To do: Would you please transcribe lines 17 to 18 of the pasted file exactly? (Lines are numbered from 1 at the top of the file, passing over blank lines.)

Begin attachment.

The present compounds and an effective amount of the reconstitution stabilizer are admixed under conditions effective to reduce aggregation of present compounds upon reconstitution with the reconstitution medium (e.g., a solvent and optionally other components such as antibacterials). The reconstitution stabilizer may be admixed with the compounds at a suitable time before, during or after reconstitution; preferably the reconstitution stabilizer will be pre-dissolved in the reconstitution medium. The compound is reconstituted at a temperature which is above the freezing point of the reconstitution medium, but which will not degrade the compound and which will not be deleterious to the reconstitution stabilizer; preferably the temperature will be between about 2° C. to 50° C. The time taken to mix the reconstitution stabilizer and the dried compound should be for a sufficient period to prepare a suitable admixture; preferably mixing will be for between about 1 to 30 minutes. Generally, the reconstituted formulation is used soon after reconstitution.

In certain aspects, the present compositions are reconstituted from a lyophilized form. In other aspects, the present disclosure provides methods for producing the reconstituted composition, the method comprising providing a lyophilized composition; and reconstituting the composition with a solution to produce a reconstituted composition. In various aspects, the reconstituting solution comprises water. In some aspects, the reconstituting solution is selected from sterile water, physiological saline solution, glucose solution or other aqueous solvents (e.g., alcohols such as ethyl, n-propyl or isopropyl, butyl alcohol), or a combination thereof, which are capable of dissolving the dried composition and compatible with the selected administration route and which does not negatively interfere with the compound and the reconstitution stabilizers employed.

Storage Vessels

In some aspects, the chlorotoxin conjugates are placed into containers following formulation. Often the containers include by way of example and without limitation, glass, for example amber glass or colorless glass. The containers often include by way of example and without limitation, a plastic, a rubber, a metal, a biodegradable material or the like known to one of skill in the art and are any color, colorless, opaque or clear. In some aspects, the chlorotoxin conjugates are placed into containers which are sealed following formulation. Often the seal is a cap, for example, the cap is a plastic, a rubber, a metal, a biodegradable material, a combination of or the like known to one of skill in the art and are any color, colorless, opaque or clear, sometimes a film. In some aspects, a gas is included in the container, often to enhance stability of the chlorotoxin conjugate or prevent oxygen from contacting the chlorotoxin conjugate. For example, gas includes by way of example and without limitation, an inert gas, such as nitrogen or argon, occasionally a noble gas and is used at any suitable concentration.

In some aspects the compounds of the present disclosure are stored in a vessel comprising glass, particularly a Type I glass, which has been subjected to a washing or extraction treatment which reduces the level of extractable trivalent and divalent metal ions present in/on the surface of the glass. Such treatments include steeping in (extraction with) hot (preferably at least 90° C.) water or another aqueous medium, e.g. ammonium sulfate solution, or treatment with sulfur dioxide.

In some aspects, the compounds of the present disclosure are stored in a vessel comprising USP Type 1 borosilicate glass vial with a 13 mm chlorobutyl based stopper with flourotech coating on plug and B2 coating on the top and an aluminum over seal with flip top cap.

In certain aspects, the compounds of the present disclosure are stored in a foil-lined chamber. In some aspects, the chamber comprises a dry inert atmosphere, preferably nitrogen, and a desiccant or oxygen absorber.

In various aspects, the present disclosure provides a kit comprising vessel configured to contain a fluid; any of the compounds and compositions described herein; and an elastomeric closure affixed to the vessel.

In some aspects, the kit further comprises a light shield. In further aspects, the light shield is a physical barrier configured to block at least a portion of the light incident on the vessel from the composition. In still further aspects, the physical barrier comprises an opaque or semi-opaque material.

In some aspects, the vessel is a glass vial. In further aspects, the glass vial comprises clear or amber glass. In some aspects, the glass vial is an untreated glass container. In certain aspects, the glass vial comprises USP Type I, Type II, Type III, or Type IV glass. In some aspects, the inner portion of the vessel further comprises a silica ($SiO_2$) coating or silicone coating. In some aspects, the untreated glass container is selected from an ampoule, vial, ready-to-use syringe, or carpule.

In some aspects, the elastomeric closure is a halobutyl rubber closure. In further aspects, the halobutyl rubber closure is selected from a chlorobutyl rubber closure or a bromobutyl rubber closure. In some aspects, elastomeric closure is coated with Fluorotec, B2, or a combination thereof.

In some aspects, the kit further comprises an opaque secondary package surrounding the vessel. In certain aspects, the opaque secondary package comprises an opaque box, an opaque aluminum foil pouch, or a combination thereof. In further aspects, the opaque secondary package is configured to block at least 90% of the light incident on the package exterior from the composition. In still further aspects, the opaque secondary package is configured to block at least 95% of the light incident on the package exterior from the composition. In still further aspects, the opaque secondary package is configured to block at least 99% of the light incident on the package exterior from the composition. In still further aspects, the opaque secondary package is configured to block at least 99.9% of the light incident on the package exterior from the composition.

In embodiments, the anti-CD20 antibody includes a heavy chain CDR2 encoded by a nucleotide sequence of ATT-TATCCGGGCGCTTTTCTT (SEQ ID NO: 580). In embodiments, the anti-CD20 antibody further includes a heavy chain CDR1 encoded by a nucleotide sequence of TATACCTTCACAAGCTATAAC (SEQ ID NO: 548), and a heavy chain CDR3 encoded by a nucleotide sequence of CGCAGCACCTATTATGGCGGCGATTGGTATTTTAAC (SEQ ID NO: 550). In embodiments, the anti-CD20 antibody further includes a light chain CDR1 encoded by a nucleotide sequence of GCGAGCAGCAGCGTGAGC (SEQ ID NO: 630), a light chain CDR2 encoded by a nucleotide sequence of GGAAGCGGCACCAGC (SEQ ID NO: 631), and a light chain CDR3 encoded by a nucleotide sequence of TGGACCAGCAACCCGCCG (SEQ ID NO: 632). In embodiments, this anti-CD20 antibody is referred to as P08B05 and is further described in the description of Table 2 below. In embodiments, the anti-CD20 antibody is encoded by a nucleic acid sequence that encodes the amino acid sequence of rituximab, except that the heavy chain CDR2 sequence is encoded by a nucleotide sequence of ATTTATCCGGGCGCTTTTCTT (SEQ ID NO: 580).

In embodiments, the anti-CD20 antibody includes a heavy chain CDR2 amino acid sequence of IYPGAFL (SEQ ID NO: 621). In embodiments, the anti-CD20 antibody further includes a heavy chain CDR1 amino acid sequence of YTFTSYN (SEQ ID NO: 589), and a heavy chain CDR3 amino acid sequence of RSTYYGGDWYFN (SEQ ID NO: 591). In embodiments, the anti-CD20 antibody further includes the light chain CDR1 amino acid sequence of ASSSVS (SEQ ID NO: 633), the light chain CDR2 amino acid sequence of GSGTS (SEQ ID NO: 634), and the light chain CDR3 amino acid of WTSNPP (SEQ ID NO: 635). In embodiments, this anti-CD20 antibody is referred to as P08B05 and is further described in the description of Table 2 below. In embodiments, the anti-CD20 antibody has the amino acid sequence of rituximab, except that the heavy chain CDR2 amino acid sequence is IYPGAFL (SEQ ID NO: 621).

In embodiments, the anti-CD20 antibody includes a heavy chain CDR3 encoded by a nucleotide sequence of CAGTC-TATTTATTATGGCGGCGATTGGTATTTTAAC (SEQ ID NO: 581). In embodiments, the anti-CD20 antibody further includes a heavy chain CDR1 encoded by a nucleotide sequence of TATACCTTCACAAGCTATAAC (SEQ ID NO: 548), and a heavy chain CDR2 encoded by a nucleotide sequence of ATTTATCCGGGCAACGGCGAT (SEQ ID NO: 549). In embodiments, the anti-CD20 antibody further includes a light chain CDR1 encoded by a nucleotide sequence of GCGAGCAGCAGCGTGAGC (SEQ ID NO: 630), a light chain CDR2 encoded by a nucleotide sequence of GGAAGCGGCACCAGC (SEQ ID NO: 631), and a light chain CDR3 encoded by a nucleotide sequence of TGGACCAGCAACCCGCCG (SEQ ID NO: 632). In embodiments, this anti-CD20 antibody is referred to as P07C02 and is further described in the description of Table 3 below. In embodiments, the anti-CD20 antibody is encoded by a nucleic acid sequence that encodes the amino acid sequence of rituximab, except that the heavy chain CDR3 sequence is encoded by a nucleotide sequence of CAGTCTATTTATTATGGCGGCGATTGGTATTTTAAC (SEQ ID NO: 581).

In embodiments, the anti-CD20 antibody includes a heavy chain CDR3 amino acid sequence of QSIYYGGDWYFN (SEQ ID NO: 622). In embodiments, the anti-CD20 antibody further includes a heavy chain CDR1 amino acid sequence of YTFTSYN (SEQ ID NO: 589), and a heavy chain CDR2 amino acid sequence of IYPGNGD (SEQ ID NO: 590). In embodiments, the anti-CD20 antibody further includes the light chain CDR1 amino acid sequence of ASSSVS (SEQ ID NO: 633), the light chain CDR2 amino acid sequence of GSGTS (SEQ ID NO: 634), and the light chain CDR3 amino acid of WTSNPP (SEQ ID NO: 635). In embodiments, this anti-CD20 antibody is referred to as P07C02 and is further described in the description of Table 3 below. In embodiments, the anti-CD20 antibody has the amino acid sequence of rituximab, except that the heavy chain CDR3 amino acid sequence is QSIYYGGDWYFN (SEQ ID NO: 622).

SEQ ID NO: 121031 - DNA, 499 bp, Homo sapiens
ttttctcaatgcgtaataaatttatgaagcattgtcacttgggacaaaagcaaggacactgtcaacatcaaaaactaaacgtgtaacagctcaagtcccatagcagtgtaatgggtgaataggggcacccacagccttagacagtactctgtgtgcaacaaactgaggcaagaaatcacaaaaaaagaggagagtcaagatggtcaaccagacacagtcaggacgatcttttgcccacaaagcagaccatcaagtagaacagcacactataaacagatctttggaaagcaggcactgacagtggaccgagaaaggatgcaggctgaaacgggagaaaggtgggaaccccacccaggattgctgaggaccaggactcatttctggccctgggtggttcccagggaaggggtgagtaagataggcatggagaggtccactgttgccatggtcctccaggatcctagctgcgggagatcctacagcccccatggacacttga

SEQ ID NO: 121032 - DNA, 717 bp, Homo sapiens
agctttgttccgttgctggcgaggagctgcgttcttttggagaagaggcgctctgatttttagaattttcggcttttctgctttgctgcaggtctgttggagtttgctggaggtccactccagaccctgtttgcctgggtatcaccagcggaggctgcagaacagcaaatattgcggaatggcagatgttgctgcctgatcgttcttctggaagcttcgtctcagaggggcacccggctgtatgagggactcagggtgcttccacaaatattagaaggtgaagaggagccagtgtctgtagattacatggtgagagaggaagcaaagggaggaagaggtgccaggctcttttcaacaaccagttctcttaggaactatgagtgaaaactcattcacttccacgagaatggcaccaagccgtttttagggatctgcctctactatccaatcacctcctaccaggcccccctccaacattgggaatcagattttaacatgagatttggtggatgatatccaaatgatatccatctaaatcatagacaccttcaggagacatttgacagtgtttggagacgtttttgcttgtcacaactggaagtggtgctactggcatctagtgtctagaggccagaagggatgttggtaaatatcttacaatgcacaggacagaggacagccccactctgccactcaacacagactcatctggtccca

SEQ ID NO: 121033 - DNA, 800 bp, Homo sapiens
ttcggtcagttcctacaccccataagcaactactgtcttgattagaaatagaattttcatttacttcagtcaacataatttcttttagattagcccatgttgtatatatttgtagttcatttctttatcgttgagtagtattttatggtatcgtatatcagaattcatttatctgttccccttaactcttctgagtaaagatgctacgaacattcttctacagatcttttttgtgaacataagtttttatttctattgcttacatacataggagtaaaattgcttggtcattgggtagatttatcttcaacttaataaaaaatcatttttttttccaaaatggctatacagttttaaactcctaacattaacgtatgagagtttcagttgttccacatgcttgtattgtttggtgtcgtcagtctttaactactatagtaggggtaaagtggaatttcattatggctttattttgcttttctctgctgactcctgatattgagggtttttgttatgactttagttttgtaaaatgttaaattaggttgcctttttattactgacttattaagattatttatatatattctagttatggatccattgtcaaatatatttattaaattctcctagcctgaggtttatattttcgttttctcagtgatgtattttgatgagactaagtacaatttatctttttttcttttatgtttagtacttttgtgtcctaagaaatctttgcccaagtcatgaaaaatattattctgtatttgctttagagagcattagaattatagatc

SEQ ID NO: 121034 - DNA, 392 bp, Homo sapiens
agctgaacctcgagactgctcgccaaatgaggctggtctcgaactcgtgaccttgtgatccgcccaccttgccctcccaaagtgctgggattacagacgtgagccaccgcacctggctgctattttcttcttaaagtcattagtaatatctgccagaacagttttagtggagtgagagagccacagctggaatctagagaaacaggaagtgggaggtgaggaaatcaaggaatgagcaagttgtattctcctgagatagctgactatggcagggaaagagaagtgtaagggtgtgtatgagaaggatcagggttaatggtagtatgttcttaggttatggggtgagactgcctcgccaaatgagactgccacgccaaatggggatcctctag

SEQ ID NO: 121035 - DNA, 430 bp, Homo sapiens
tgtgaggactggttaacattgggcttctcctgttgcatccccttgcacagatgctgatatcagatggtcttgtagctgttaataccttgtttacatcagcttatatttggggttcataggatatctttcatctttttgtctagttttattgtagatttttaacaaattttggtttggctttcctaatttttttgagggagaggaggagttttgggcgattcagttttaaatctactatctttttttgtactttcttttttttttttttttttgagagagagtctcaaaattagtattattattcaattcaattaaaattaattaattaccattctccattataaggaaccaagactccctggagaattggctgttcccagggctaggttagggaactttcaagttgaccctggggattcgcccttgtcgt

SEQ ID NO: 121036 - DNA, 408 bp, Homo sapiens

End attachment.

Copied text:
SEQ ID NO: 121031 - DNA, 499 bp, Homo sapiens
ttttctcaatgcgtaataaatttatgaagcattgtcacttgggacaaaagcaaggacactgtcaacatcaaaaactaaacgtgtaacagctcaagtcccatagcagtgtaatgggtgaataggggcacccacagccttagacagtactctgtgtgcaacaaactgaggcaagaaatcacaaaaaaagaggagagtcaagatggtcaaccagacacagtcaggacgatcttttgcccacaaagcagaccatcaagtagaacagcacactataaacagatctttggaaagcaggcactgacagtggaccgagaaaggatgcaggctgaaacgggagaaaggtgggaaccccacccaggattgctgaggaccaggactcatttctggccctgggtggttcccagggaaggggtgagtaagataggcatggagaggtccactgttgccatggtcctccaggatcctagctgcgggagatcctacagcccccatggacacttga